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National Museum of Australia

Collection Explorer



  • Josef Lebovic Gallery collection no. 1(7551)

    View at Bondi, NSW
    Suspension Bridge, Nowra, NSW, 1907
    View from Carrington Hospital, Camden, N.S.W.
    The Chalet, Mt Hotham, Vic
  • Papuan Official collection(1043)

    Eharo mask
    Shell money
    Cane cuirass
    Canoe paddle
  • Aboriginal and Torres Strait Islander Affairs Art (ATSIAA) collection(2104)

    Painting of an emu and snake with the sun
    Wooden bangle painted with a colourful design
    Woven fibre pubic cover.
    Painting of 'walka', a brightly coloured pattern

    The Aboriginal and Torres Strait Islander Affairs Art collection comprises 2050 artworks and other objects. The artworks - which numerically dominate the collection - were produced by Aboriginal and Torres Strait Islander communities throughout Australia. The accumulation of these artworks into a single collection has resulted from the choices and selections made during a 38 year period by a variety of staff working for the Council for Aboriginal Affairs (CAA), the Department of Aboriginal Affairs (DAA), the Aboriginal Development Commission (ADC) and the Aboriginal and Torres Strait Islander Commission (ATSIC) at the national, regional and local levels.

    The collection spans the years following the 1967 referendum, when dramatic changes in the governance of Aboriginal people took place, up to 2005 when the Aboriginal and Torres Strait Islander Commission was dissolved. It provides a snapshot of the diversity and changes in Indigenous art and its representation which occurred during the period of its formation. The small number of 'non-art' objects in the collection is also significant in providing insights into the working of the various Commonwealth bodies involved in Indigenous affairs. As well as the significance of many of the individual pieces, the collection is also significant as a whole, as a complex artefact stemming from Australia's history of governance of Australian Indigenous peoples.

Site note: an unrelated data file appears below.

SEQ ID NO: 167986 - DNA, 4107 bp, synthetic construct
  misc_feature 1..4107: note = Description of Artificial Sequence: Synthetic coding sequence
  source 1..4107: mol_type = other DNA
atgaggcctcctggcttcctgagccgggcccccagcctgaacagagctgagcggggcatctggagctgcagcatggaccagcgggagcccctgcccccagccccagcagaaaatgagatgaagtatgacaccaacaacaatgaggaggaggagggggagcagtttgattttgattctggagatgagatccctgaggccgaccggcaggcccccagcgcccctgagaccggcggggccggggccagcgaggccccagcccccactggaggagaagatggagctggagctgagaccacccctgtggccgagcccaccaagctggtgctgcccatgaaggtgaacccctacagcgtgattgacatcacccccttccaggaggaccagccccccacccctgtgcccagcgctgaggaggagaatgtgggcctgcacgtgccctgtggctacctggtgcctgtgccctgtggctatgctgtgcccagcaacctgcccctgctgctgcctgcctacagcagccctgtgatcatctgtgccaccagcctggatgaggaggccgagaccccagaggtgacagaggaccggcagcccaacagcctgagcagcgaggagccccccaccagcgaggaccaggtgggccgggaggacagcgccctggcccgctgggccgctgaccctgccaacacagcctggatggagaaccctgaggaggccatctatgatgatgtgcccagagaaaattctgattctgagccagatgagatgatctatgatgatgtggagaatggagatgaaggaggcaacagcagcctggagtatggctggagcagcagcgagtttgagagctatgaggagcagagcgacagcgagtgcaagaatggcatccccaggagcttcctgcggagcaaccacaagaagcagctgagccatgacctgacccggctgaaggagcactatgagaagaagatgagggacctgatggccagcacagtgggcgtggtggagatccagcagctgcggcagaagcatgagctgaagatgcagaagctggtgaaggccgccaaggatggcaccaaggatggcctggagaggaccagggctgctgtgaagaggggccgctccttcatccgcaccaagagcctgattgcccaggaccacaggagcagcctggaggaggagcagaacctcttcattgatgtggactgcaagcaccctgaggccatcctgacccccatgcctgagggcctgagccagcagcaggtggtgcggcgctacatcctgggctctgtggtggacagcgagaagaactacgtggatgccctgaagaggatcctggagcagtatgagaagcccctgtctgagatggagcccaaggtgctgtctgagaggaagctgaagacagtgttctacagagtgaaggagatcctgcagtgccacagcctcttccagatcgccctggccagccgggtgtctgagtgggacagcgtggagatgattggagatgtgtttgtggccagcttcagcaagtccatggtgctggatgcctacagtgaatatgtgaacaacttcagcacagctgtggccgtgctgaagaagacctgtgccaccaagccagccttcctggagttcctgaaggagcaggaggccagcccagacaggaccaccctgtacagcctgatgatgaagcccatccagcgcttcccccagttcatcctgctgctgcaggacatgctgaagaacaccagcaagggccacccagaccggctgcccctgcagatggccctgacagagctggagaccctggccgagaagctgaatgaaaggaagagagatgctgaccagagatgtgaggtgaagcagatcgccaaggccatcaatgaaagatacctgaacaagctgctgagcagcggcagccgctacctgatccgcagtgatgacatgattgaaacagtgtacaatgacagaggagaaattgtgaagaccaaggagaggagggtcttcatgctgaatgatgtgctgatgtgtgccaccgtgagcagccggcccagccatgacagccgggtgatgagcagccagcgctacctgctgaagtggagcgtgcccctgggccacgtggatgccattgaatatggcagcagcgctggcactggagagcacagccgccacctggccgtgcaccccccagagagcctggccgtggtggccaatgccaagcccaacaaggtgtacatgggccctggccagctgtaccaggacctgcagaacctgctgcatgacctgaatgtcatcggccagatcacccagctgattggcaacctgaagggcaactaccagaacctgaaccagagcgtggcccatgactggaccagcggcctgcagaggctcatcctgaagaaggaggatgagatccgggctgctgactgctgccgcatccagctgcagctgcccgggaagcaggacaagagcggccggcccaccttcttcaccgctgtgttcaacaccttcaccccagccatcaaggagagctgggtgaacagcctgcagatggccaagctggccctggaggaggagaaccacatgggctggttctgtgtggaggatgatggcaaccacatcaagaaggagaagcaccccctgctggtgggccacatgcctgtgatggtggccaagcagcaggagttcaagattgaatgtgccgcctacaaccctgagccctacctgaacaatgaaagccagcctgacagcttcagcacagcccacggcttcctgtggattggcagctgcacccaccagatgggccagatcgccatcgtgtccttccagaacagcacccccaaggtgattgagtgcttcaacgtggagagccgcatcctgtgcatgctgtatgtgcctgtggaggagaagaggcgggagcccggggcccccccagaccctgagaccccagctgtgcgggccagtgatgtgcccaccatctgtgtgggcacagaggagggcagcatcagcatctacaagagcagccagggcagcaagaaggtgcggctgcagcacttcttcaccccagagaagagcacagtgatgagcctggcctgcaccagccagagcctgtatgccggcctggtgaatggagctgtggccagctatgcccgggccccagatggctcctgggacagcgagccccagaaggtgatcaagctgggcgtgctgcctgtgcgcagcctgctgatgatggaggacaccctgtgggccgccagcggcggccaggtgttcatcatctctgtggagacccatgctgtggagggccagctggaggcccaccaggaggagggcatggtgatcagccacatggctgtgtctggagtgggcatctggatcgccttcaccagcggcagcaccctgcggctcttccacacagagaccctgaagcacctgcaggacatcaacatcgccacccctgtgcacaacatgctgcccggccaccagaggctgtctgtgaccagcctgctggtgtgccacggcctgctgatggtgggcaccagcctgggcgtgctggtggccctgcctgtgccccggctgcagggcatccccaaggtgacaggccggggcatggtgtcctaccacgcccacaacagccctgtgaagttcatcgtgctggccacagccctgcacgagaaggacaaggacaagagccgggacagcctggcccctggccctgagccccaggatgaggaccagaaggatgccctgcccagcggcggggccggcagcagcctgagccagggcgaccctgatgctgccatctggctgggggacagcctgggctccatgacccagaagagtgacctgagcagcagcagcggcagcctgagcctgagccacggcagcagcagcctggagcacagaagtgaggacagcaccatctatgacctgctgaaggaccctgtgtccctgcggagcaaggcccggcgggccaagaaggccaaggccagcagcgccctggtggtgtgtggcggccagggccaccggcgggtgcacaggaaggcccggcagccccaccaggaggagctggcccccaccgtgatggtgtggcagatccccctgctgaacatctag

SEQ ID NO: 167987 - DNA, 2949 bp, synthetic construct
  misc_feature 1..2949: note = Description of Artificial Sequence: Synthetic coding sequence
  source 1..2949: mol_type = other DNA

• Timothy Millett collection(313)

    Convict love token from G. Green
    Convict love token from June 6th 1836
    Convict love token from Thomas Spicer, January 17, 1818
    Convict love token from William Maskell, 1818

    The Timothy Millett collection comprises 307 convict love tokens dating from 1762 to 1856, and seven contemporary documents relating to the criminal justice system including: recommendations to commute the death sentences of Hester Sampson and Thomas Hayes to life transportation; a calendar of prisoners awaiting trial in the goals of Durham, Newcastle and Northumberland; a request to the Middlesex assizes for rewards to be paid; a printed copy of George Skene's last speech prior to execution; a printed broadside listing prisoners in Dorchester jail awaiting transportation; and a 60 page handwritten account of the life of Thomas Jones, who was transported twice and finally hanged at Winchester Prison in 1856.

    Convict love tokens, typically made from smoothed-down coins and engraved or stippled with a message, derive from traditional sailors' farewells. The production of these 'leaden hearts' rose as criminal indictments increased in Britain, with the majority produced during the 1820s and 1830s. As mementos made by or for convicts facing transportation (or death) to leave behind for their loved ones, the tokens provide a poignant, personal insight into the transportation system.